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I bought a book through mail order and the seller sent me an email asking me if the address he had was good and this is my answer

If you could write 750000 instead of 750010 it would be better but don't be afraid it will arrive correctly whatever number you have written

I chose present perfect because I did not know (still don't know) if he had already written the address at the time I wrote my reply. What do you think of my choice , is it a good one

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    The most important thing for most learners to know about Perfect verb forms is don't overuse them! In fact, avoid them wherever possible. I think the problem here is that "the rules" defining contexts in which Perfect forms could be used seem reasonably simple, so TELF teachers are too keen to drum those rules into their students, and the students are then excessively keen to actually apply their new-found knowledge about where to use Perfect forms. But in reality, native Anglophones naturally tend to use the simplest verb form possible in any given context (which ain't Perfect! :) Nov 21 '21 at 16:21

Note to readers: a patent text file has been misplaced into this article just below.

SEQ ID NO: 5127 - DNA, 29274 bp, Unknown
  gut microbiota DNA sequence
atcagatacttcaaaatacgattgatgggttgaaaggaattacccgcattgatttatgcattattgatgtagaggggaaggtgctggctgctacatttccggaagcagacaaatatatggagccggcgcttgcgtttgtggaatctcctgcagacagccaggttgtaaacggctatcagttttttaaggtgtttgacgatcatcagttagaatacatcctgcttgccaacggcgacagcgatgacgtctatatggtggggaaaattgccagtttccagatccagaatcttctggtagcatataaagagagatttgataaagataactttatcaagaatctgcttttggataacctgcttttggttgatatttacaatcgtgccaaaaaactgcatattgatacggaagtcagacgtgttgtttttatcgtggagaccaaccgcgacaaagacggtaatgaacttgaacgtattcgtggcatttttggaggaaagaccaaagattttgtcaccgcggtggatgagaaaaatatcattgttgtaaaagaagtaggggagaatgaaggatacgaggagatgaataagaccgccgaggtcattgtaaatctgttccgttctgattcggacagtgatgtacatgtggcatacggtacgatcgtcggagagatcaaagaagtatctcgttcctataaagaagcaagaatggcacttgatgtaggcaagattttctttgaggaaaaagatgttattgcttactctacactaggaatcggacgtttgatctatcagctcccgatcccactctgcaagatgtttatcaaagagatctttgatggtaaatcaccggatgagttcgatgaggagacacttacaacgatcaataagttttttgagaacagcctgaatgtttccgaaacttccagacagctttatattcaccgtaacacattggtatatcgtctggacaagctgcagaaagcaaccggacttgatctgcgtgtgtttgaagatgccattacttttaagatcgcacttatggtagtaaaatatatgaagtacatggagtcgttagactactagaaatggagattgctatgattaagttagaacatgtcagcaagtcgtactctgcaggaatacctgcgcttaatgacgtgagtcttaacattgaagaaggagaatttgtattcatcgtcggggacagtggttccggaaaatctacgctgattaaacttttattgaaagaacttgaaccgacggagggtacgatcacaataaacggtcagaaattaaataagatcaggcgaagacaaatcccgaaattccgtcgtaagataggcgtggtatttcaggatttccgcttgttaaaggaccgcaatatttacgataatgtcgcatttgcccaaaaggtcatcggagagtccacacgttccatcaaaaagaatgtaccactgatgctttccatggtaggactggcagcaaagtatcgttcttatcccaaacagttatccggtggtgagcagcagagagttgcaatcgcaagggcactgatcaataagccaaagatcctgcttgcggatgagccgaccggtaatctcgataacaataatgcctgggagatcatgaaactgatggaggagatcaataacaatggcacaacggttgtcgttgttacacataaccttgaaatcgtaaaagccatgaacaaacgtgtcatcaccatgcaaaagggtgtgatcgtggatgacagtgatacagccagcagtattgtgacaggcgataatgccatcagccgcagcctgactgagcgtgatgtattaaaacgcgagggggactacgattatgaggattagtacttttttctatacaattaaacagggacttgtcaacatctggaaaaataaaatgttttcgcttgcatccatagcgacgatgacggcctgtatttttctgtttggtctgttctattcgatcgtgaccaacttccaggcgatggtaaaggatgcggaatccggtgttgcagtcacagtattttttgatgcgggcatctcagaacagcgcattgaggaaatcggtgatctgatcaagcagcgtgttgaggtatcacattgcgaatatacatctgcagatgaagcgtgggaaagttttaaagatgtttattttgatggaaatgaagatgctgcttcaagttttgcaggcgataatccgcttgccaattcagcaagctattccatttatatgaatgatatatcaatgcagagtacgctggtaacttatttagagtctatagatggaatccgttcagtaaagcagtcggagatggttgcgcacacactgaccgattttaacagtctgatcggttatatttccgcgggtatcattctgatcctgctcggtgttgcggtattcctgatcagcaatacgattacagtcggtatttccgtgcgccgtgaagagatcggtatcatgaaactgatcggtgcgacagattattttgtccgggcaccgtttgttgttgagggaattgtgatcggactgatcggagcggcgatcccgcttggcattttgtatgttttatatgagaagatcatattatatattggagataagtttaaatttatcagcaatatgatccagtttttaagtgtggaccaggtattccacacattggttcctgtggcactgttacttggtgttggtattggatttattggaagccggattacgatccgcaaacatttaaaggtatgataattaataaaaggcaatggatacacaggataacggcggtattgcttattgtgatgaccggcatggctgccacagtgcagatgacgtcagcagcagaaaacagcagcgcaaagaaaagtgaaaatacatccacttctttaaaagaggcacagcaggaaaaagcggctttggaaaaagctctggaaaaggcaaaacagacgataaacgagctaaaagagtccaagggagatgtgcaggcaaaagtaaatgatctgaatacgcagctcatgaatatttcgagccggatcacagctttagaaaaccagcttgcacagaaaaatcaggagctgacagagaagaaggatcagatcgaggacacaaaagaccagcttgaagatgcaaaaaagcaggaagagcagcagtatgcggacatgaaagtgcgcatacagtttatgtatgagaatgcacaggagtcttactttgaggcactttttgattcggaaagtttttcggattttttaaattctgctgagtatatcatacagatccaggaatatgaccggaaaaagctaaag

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    Idiomatically, it's don't worry here, not don't be afraid. Nov 21 '21 at 16:23
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You might say whichever number you write/use. The plain form of the verb works for general statements, and this question doesn't seem to depend on a particular time of use/writing.
Also, if they are asking about the correct address, they probably haven't already sent the book.

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  • i don't understand why you said it is a general statement it relies on a particular time (the time before he wrote the address)
    – user5577
    Nov 21 '21 at 16:17
  • @user5577 The statement it will arrive correctly whichever number you use is always true, isn't it? There's no need to complicate that with a verb with tense. Nov 21 '21 at 16:24

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